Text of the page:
Managing arthritis and employment: Making arthritis-related work changes as a means of adaptation

Authors


Abstract

Objective

To understand arthritis-related workplace changes, including occasional work loss and changes to the type and hours of work, and the factors associated with them using theories of adaptation and behavior change as a framework.

Methods

Participants were 492 employed individuals with rheumatoid arthritis or osteoarthritis. They completed an interview-administered, structured questionnaire assessing demographic, workplace, and psychosocial variables, as well as such work transitions as changes to the hours, type, and nature of work. Hypotheses were examined using multiple linear regression.

Results

Seventy percent of respondents made at least 1 work change. Younger participants and those with greater workplace activity limitations reported more changes. Work changes were associated with greater depression. A hypothesized 3-way interaction among people's perceptions of their capacity, their future job expectations, and whether they had told their employer about their arthritis was significant.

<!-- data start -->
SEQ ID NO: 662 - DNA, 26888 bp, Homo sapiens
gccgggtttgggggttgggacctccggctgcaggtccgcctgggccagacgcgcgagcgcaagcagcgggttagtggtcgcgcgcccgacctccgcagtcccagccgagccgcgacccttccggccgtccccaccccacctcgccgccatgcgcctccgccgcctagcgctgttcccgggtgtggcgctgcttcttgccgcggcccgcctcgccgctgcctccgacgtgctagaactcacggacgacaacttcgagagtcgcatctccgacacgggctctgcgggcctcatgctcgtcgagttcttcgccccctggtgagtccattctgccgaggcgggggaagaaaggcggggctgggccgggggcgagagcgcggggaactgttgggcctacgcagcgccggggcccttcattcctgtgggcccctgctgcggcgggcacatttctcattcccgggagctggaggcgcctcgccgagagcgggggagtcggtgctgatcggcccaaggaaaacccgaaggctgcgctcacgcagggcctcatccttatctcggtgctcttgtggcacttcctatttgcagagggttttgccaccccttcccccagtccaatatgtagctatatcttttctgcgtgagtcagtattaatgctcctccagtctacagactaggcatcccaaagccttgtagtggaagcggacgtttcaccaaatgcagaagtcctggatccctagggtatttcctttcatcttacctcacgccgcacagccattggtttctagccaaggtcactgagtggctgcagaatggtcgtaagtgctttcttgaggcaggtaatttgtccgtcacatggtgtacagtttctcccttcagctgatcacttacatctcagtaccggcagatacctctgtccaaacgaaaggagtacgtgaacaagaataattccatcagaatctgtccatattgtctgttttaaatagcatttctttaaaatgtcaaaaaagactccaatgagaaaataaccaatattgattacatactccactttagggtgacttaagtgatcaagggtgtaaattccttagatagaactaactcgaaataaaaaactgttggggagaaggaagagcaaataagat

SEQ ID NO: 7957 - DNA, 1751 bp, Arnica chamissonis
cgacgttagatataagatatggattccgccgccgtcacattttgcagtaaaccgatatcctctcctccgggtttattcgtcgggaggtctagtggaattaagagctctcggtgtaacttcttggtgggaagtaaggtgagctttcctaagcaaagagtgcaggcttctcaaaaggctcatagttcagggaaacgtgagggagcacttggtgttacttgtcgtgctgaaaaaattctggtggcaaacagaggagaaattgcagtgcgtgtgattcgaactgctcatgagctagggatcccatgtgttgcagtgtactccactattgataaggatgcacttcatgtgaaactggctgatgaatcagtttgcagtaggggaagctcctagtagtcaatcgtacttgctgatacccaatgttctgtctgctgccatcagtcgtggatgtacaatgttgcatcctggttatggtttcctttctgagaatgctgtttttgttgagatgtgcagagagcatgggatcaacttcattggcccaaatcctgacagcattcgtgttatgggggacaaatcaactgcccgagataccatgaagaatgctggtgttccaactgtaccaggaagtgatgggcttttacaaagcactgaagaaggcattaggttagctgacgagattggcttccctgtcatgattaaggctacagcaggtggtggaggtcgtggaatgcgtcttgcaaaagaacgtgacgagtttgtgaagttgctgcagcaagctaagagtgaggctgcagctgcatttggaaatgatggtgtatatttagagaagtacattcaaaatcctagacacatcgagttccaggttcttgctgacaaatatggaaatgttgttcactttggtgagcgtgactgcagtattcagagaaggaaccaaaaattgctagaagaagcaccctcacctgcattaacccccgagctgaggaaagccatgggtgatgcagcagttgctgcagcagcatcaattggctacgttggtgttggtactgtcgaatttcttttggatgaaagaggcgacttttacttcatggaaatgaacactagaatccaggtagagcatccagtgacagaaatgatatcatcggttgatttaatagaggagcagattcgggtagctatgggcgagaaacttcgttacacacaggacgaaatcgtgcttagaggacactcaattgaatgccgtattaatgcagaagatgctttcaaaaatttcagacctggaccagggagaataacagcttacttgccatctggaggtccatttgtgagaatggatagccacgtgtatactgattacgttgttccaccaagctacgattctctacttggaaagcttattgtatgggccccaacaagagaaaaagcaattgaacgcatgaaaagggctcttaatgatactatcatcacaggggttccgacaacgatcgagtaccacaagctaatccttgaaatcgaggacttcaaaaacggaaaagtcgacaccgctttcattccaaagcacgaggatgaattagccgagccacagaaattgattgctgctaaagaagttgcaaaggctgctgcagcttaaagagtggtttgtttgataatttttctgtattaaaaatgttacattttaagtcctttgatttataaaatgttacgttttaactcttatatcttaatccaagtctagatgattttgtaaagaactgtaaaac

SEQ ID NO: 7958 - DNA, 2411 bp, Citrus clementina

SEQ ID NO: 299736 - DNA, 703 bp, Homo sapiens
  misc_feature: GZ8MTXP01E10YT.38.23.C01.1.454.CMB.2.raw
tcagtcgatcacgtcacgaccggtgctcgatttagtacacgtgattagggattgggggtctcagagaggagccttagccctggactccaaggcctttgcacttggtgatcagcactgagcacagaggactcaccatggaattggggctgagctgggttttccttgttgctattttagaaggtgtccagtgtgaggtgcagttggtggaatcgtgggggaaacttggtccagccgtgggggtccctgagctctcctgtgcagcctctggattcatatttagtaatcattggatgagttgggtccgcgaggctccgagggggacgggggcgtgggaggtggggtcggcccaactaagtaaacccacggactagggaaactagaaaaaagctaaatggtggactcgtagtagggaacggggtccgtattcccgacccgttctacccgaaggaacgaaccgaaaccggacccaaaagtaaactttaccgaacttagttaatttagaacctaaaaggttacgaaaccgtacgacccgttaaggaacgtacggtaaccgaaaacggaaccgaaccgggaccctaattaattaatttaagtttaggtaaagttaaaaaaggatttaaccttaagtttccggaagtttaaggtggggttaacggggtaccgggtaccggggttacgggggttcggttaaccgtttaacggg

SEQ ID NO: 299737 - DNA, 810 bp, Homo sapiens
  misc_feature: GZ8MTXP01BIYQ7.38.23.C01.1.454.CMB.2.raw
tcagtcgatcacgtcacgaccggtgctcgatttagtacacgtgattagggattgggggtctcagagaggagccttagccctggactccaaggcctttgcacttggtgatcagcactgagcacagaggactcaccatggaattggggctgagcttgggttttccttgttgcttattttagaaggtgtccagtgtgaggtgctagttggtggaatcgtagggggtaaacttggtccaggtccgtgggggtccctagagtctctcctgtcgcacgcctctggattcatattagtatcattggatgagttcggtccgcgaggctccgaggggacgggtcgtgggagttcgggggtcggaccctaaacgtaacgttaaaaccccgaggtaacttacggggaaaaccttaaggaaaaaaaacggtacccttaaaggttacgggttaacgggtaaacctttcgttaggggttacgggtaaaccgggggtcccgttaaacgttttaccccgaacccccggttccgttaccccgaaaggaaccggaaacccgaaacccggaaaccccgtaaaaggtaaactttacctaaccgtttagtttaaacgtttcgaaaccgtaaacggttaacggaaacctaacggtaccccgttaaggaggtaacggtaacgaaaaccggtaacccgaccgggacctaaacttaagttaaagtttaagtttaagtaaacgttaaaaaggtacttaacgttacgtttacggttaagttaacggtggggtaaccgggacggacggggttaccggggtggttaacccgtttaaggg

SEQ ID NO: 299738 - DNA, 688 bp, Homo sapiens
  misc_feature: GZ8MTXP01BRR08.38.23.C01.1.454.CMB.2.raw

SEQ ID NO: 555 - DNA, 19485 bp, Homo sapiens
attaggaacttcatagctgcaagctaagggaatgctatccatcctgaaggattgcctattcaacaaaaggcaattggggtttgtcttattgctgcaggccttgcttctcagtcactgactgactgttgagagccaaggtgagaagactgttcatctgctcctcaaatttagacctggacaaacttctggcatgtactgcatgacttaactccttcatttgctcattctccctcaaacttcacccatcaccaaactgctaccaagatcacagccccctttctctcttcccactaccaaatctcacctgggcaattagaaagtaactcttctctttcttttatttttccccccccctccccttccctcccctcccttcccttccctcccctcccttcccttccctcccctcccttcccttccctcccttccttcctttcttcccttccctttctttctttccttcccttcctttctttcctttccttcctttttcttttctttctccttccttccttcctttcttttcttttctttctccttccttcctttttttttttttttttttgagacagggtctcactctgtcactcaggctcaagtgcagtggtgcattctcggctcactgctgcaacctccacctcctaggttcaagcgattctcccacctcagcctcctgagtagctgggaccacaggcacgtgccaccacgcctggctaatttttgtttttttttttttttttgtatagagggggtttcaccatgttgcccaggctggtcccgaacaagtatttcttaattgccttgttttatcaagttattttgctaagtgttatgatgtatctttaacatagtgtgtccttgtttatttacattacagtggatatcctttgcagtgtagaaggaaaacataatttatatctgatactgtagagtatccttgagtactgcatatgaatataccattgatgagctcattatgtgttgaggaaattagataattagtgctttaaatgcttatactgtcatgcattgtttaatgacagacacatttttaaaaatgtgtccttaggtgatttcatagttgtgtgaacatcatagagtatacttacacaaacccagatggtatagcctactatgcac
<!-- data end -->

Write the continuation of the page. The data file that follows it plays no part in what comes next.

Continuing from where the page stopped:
Conclusion

This study extends arthritis employment research by examining a range of work changes. It highlights the dynamic interplay among arthritis, workplace, and psychosocial variables to understand adaptation to arthritis disability.

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